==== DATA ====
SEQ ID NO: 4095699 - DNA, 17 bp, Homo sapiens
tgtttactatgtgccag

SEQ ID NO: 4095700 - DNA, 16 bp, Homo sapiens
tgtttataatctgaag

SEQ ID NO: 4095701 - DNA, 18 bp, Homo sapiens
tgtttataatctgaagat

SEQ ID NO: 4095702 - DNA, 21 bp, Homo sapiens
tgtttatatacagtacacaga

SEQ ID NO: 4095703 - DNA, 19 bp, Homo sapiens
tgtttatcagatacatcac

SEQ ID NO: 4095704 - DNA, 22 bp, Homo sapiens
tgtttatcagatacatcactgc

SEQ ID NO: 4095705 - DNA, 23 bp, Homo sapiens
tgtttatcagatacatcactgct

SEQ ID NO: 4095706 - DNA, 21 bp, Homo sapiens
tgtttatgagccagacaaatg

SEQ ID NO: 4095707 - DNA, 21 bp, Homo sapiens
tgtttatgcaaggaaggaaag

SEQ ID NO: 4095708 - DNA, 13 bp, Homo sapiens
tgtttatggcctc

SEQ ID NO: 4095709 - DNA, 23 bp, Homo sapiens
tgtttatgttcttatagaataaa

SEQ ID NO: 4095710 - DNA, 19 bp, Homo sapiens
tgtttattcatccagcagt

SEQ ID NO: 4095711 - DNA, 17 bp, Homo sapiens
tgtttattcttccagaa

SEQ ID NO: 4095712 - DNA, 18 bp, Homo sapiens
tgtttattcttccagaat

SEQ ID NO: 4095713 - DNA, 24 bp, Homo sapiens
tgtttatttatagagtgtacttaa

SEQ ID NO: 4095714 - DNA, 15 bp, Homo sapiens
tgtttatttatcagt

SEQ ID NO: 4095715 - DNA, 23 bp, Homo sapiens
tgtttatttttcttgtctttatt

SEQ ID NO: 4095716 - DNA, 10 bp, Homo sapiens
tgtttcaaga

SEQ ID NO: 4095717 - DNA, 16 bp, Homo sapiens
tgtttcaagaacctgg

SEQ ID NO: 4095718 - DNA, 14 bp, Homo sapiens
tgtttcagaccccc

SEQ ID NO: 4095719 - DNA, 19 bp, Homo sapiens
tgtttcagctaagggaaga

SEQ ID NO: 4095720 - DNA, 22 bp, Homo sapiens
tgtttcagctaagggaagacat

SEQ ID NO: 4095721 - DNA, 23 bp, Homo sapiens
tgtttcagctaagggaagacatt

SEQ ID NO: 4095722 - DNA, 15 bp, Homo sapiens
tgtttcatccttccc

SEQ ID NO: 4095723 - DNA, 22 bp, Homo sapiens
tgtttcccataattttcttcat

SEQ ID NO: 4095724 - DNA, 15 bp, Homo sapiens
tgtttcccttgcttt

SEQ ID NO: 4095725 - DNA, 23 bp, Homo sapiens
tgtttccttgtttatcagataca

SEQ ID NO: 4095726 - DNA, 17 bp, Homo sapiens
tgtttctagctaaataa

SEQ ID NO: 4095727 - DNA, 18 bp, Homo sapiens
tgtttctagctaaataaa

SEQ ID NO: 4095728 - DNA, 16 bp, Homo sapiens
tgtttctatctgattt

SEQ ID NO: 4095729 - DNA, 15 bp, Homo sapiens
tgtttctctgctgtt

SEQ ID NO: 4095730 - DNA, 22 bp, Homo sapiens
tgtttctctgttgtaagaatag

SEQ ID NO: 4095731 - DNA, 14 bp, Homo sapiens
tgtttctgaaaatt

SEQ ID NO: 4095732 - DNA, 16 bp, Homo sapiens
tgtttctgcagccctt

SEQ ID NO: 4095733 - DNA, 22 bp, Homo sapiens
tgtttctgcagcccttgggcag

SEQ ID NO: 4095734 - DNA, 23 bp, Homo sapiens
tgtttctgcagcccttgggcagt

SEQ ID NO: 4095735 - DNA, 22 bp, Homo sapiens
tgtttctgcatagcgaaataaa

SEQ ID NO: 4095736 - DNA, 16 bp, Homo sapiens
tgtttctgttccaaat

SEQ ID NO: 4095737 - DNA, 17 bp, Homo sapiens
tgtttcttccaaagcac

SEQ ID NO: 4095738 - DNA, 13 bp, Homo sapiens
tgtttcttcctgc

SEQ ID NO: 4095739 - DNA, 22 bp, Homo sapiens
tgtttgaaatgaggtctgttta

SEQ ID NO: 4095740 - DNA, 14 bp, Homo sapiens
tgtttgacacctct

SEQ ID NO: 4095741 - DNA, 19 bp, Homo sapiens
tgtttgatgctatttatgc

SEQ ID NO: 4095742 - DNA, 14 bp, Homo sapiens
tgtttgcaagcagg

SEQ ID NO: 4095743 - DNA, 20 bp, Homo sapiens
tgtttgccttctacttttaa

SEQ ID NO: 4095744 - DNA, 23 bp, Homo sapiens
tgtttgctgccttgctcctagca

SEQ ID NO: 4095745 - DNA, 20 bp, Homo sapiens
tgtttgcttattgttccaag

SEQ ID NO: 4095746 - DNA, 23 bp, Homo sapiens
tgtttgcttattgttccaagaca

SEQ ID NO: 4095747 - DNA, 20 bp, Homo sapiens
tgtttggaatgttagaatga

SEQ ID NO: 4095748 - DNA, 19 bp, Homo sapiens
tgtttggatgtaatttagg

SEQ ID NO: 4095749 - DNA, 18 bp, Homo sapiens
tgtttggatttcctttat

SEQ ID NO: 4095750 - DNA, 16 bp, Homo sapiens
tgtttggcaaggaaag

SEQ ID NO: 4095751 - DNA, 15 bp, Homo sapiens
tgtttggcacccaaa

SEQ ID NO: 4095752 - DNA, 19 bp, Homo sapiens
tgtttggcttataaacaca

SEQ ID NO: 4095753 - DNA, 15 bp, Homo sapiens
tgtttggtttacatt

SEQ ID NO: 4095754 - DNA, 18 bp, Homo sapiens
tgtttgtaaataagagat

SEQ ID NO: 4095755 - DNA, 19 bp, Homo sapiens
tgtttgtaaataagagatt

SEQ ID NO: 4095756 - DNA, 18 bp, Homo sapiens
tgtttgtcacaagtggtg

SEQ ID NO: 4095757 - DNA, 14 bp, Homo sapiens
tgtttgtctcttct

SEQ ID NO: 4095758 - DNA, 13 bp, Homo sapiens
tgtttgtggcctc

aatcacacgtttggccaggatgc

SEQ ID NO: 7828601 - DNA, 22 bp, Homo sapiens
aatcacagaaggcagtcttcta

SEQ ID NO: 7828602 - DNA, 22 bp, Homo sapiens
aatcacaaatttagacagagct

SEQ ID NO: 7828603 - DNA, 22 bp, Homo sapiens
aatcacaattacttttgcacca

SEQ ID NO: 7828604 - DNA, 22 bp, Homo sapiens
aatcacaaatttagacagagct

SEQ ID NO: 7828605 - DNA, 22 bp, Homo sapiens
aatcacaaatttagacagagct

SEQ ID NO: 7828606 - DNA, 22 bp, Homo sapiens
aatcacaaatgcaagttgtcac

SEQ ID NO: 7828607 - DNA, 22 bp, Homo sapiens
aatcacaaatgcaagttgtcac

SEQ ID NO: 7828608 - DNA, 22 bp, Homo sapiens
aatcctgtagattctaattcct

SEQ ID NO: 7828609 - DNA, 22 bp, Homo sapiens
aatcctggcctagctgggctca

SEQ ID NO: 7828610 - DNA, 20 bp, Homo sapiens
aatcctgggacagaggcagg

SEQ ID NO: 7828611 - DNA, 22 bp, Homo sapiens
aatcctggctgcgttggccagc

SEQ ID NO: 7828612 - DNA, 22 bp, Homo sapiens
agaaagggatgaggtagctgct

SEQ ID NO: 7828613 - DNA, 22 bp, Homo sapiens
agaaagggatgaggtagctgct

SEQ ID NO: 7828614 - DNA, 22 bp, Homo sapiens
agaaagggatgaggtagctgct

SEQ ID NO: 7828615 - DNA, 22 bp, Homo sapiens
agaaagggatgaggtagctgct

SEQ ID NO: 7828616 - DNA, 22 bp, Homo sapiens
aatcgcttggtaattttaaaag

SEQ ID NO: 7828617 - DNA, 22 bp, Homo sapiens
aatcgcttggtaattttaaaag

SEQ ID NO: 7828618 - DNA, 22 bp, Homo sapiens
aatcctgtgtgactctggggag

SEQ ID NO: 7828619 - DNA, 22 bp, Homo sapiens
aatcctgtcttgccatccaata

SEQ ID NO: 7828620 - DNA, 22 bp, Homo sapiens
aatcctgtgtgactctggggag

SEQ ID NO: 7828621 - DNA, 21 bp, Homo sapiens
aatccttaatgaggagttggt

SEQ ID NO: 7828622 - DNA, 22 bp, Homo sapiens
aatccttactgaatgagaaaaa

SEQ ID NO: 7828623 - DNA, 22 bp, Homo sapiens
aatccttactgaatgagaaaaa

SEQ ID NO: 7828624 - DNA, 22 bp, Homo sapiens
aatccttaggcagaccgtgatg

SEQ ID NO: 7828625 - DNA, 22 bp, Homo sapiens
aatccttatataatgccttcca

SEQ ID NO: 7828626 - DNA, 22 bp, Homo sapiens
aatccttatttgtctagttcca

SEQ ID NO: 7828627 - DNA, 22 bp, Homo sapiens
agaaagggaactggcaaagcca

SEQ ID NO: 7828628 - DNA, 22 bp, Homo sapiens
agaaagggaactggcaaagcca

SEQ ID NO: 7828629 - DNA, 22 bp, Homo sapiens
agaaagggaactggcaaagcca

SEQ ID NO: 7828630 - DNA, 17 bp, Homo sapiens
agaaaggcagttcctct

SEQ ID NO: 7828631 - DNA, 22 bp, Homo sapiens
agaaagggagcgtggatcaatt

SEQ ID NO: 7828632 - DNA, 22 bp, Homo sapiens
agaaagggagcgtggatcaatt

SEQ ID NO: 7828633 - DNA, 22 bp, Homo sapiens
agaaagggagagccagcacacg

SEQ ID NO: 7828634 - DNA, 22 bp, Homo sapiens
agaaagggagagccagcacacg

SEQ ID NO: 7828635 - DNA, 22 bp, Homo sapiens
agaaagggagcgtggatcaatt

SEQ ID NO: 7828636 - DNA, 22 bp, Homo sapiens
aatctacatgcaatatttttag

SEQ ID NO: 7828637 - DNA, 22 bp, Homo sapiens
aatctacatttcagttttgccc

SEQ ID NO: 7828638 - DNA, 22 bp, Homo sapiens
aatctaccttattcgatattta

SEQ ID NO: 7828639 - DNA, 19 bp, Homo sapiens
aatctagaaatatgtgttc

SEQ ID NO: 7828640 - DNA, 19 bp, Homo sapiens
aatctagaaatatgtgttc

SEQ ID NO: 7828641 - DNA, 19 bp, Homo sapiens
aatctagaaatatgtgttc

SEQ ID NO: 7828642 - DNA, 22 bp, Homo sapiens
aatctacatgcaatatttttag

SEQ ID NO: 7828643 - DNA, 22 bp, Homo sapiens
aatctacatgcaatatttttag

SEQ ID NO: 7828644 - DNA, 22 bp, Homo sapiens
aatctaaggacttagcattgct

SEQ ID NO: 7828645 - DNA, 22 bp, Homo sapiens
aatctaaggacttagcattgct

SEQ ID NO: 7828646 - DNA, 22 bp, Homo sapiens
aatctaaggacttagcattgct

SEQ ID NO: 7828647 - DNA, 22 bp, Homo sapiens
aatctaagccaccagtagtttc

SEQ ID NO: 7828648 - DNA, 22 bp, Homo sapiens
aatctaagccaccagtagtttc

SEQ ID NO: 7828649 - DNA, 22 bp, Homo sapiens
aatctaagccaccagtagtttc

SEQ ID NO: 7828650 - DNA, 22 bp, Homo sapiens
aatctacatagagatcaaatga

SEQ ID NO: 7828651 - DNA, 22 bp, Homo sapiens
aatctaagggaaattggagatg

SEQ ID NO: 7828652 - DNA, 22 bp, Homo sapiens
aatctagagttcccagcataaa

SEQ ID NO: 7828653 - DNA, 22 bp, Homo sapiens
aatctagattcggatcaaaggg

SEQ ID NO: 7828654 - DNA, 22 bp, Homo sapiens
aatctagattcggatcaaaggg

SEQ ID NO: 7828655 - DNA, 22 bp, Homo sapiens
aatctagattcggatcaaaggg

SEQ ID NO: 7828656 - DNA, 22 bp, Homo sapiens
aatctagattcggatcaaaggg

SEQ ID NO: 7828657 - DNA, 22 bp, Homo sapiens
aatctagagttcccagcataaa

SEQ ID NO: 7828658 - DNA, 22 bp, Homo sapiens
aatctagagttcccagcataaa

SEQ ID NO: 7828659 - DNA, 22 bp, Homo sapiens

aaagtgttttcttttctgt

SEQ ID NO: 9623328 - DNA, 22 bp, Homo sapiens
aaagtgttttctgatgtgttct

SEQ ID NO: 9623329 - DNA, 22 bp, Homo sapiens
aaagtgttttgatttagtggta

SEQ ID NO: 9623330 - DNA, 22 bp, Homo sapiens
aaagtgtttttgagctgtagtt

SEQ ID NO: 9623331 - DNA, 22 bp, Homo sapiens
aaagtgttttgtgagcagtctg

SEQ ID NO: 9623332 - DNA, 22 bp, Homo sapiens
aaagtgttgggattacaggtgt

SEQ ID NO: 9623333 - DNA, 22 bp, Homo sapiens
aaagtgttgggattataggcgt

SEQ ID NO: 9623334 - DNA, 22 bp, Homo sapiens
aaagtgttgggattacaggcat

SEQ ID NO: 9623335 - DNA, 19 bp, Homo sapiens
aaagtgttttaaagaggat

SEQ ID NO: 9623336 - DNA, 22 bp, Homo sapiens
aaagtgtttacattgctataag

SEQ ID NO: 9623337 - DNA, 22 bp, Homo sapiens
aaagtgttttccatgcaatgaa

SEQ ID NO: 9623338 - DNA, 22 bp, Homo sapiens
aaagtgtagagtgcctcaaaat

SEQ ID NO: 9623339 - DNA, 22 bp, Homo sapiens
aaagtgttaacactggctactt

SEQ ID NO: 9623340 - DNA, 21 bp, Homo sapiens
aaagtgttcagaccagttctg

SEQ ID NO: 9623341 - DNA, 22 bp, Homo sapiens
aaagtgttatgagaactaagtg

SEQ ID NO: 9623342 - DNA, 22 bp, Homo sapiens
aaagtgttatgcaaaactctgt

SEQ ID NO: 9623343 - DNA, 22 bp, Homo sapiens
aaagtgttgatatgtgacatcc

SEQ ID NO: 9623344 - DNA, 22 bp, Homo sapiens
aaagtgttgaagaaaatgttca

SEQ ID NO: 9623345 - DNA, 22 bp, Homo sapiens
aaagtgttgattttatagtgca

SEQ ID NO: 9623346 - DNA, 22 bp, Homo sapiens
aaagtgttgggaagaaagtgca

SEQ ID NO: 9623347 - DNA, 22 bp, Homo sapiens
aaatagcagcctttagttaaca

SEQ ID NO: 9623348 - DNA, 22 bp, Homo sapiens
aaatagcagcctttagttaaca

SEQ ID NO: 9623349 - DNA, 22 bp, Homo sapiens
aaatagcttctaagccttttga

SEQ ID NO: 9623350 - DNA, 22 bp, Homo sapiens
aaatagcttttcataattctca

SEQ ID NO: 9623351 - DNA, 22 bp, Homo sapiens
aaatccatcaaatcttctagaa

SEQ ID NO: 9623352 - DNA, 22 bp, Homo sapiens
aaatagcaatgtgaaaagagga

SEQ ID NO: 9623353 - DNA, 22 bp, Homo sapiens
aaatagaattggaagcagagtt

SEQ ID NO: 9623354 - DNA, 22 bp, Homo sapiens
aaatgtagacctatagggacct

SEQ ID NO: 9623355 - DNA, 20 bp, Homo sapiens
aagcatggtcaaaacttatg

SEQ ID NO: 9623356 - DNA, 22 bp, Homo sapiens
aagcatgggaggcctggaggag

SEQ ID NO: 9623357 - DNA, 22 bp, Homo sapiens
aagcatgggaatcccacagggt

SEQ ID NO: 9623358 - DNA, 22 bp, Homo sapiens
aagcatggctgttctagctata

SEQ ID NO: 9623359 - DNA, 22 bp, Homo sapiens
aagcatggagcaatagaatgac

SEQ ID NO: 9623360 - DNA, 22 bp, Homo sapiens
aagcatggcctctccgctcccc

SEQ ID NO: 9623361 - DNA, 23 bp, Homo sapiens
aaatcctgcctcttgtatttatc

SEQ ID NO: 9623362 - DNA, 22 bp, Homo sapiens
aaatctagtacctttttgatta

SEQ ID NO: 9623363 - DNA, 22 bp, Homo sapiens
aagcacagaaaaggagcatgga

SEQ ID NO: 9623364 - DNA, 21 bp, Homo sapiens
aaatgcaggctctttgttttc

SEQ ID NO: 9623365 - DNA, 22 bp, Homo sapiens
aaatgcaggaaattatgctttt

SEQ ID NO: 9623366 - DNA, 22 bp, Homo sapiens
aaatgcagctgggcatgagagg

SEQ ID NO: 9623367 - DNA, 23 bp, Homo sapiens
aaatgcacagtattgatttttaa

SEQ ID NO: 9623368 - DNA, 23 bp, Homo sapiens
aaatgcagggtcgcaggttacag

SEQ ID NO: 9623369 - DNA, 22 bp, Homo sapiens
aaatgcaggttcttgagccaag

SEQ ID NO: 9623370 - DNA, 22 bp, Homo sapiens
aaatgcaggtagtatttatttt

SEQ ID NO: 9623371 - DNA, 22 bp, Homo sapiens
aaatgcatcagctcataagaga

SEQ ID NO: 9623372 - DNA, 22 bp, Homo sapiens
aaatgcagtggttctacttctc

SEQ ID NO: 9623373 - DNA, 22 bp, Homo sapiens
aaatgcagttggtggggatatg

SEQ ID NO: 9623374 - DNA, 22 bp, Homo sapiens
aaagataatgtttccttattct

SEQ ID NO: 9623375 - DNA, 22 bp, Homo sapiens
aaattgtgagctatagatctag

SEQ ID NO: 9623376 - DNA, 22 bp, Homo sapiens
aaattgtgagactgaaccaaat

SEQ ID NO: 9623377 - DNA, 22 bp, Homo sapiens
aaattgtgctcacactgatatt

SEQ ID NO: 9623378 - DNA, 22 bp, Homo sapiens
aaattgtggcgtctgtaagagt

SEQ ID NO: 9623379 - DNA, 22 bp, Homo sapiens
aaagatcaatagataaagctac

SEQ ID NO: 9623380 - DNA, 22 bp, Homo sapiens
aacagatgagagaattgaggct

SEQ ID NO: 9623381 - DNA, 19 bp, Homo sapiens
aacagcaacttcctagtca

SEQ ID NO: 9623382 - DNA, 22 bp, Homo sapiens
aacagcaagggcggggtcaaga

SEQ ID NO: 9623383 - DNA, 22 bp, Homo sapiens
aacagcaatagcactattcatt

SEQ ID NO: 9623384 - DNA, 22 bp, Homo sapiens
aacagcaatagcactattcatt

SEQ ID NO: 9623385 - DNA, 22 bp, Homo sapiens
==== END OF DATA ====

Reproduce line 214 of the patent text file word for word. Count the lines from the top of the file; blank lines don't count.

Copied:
SEQ ID NO: 7828647 - DNA, 22 bp, Homo sapiens